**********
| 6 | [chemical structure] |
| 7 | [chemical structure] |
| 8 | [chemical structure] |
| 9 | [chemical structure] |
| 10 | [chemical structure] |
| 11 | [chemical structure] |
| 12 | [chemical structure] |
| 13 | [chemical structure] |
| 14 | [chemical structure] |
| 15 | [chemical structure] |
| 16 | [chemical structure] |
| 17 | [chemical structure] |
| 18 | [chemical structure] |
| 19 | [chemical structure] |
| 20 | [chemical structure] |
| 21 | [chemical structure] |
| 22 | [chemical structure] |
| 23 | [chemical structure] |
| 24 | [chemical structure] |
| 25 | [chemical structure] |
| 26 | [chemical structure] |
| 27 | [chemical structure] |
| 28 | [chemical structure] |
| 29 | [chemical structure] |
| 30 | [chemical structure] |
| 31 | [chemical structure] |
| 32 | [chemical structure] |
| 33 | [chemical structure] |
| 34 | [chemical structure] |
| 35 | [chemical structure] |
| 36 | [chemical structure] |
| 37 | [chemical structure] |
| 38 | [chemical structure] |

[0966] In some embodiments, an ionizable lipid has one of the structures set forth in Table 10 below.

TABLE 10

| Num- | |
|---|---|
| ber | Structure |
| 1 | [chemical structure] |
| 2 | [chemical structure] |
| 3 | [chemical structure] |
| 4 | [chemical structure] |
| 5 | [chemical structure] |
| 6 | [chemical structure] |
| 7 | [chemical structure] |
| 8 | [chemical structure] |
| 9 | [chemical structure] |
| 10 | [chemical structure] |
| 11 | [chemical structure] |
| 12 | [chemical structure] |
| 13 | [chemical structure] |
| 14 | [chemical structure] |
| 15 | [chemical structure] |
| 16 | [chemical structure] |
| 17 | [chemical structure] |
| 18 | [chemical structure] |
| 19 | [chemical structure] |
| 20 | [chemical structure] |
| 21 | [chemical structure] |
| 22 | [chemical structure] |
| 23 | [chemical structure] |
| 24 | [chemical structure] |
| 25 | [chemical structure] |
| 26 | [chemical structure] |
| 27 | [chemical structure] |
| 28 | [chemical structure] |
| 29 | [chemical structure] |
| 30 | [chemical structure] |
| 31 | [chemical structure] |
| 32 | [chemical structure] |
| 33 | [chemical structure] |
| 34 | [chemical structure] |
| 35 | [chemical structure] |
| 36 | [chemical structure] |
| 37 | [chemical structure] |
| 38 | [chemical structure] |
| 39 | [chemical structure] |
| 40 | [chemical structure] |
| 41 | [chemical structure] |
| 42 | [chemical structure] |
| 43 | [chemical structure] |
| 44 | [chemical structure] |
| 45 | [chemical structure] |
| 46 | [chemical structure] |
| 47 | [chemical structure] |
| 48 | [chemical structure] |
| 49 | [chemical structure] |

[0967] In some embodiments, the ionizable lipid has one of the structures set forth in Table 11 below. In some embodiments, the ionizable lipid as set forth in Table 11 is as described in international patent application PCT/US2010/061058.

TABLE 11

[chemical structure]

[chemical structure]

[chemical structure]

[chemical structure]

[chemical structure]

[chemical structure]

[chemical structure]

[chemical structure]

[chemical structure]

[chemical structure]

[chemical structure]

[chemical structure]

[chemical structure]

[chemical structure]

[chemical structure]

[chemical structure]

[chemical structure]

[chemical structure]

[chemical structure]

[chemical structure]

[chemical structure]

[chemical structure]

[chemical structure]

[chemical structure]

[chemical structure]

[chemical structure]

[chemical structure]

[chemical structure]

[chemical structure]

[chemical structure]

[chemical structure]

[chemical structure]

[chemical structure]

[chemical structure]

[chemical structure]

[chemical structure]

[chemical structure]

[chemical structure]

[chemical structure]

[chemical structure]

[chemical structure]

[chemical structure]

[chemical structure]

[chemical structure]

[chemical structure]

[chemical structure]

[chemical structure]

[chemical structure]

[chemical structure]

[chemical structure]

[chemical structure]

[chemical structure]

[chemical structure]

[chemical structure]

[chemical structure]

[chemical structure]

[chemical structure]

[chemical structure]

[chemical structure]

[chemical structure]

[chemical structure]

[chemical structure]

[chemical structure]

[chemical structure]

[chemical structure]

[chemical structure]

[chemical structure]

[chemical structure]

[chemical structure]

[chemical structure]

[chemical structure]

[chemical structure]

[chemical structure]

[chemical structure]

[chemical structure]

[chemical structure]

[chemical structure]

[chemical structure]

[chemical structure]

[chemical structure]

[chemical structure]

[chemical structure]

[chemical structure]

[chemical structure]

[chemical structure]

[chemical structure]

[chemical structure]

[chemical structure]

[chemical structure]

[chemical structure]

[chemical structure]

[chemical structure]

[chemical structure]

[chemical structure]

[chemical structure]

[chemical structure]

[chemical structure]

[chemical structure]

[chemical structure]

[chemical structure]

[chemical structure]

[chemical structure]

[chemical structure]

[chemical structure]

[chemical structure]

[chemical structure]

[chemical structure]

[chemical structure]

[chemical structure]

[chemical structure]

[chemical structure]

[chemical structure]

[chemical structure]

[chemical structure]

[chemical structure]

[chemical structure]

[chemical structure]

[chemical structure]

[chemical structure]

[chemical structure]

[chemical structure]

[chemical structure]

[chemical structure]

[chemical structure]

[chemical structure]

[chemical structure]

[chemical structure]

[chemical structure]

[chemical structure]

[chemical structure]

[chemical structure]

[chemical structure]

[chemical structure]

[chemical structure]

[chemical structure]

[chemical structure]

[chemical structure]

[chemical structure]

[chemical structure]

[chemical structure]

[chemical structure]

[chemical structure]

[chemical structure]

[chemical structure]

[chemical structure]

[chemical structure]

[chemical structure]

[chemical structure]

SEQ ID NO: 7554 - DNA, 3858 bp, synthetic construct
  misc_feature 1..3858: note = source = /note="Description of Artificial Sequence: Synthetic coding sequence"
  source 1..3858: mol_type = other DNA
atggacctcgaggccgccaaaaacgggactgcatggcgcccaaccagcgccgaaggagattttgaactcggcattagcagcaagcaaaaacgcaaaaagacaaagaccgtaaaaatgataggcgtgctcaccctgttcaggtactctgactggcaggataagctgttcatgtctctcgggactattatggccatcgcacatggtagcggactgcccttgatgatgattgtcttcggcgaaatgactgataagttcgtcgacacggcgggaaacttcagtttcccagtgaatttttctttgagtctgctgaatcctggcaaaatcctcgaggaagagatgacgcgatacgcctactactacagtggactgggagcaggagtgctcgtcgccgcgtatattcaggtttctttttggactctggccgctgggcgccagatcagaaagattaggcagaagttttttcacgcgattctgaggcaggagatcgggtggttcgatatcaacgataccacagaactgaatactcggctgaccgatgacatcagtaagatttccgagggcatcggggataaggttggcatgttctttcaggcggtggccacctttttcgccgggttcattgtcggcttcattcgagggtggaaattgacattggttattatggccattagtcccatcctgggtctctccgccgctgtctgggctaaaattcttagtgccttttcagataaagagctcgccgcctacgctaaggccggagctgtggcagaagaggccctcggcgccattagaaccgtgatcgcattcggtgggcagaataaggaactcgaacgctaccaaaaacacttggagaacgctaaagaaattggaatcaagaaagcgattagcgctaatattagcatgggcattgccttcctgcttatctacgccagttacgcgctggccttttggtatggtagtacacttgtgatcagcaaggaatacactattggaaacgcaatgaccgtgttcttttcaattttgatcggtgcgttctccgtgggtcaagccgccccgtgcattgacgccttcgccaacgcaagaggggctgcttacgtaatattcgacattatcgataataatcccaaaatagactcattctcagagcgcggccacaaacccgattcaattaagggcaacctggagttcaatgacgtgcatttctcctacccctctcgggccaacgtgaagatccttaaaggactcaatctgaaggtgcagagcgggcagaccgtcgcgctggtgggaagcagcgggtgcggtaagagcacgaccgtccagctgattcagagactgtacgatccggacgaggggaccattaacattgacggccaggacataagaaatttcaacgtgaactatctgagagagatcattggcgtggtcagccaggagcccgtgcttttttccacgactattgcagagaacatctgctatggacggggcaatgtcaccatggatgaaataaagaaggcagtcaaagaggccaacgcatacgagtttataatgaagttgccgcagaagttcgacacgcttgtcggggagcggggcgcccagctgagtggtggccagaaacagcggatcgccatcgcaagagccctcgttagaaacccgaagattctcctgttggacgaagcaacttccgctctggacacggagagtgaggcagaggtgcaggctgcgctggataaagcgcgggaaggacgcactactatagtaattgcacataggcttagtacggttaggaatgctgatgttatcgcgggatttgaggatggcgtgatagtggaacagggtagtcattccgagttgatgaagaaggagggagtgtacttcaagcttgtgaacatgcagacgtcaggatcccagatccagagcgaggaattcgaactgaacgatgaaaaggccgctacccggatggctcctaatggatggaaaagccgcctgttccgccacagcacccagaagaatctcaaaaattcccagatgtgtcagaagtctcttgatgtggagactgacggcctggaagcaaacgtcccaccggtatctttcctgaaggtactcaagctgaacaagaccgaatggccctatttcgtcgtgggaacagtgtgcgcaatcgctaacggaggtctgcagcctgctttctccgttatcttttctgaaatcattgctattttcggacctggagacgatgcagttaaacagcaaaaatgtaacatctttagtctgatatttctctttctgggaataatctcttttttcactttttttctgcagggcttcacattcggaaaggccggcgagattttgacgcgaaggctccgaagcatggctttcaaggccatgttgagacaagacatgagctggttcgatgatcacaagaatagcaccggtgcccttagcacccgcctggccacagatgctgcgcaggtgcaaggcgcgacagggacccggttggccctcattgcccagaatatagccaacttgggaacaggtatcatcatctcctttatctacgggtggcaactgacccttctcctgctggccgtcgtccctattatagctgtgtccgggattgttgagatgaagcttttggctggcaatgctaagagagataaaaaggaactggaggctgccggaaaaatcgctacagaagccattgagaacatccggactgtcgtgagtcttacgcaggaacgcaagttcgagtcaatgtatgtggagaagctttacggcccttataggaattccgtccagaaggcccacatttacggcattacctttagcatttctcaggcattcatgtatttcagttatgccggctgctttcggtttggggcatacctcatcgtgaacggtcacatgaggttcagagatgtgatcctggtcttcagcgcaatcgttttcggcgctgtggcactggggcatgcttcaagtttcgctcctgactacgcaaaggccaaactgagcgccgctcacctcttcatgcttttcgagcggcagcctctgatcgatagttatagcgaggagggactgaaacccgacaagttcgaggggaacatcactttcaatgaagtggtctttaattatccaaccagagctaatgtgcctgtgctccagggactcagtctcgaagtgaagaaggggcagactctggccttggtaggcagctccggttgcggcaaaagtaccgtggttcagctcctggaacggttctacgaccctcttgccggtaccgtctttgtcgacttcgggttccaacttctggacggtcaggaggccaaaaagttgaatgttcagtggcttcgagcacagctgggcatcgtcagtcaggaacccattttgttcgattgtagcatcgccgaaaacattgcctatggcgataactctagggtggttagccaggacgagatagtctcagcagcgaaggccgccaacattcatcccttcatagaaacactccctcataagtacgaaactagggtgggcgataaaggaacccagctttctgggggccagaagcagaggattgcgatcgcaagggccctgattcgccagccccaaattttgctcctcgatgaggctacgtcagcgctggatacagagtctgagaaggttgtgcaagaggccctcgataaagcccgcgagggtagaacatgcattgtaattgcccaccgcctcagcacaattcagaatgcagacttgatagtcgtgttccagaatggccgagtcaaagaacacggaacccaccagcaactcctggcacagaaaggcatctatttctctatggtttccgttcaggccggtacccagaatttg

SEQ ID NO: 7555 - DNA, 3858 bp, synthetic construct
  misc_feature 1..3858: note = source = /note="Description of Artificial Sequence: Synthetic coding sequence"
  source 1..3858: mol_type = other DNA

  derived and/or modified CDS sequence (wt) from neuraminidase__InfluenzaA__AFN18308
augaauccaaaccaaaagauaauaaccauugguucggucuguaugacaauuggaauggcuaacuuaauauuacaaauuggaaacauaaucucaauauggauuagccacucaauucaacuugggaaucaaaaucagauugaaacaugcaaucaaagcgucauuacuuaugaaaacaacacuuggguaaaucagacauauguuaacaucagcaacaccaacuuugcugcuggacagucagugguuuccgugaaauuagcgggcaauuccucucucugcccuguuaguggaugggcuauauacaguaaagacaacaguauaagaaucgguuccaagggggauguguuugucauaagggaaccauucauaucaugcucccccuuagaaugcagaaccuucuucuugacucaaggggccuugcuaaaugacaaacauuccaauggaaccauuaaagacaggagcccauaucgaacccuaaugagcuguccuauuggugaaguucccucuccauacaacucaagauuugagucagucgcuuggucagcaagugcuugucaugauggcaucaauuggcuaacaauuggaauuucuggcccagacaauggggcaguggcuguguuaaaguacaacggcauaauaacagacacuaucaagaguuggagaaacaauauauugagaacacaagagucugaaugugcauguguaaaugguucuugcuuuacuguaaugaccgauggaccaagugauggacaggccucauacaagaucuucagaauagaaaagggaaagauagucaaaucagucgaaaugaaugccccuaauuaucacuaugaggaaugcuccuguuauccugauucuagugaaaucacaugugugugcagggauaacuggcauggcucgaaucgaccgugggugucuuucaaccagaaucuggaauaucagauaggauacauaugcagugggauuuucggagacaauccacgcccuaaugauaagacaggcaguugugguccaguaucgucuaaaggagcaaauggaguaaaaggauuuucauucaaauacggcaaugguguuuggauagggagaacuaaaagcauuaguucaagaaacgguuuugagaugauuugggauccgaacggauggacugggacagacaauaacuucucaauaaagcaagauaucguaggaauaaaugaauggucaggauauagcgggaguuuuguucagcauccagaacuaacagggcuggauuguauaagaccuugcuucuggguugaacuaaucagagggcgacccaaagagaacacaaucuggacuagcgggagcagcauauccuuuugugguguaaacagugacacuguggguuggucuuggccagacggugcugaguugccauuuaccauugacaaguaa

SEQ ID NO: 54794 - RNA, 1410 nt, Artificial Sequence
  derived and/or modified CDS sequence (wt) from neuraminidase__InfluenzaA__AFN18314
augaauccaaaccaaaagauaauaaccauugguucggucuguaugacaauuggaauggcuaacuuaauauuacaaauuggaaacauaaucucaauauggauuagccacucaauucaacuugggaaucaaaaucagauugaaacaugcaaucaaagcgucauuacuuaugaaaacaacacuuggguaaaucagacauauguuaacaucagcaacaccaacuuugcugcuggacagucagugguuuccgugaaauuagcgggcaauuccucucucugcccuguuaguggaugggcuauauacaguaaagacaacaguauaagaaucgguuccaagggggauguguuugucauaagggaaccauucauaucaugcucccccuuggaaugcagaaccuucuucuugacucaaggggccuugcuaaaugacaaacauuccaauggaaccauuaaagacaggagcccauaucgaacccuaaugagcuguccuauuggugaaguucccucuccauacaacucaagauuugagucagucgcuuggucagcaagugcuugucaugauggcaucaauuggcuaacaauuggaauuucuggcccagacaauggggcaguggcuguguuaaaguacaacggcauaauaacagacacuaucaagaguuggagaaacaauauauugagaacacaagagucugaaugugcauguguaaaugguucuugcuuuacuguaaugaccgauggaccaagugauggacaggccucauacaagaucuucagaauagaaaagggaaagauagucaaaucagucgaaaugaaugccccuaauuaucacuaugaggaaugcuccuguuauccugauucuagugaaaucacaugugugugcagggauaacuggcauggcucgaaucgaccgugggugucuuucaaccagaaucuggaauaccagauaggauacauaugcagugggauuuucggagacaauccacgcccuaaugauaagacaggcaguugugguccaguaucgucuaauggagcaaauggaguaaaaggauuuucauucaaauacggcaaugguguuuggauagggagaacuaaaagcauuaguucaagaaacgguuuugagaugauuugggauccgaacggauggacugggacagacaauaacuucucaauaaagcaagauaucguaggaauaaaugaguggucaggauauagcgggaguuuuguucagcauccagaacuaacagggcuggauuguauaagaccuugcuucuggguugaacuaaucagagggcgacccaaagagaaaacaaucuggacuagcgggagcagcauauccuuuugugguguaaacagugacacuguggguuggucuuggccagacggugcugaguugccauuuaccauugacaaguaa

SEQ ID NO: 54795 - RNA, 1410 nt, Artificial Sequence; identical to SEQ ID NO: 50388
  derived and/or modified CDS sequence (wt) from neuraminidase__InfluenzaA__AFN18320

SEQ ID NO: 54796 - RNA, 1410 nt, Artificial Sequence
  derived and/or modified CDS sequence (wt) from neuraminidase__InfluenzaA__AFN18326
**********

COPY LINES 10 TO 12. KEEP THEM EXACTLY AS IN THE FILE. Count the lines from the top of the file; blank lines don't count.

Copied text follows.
| 15 | [chemical structure] |
| 16 | [chemical structure] |
| 17 | [chemical structure] |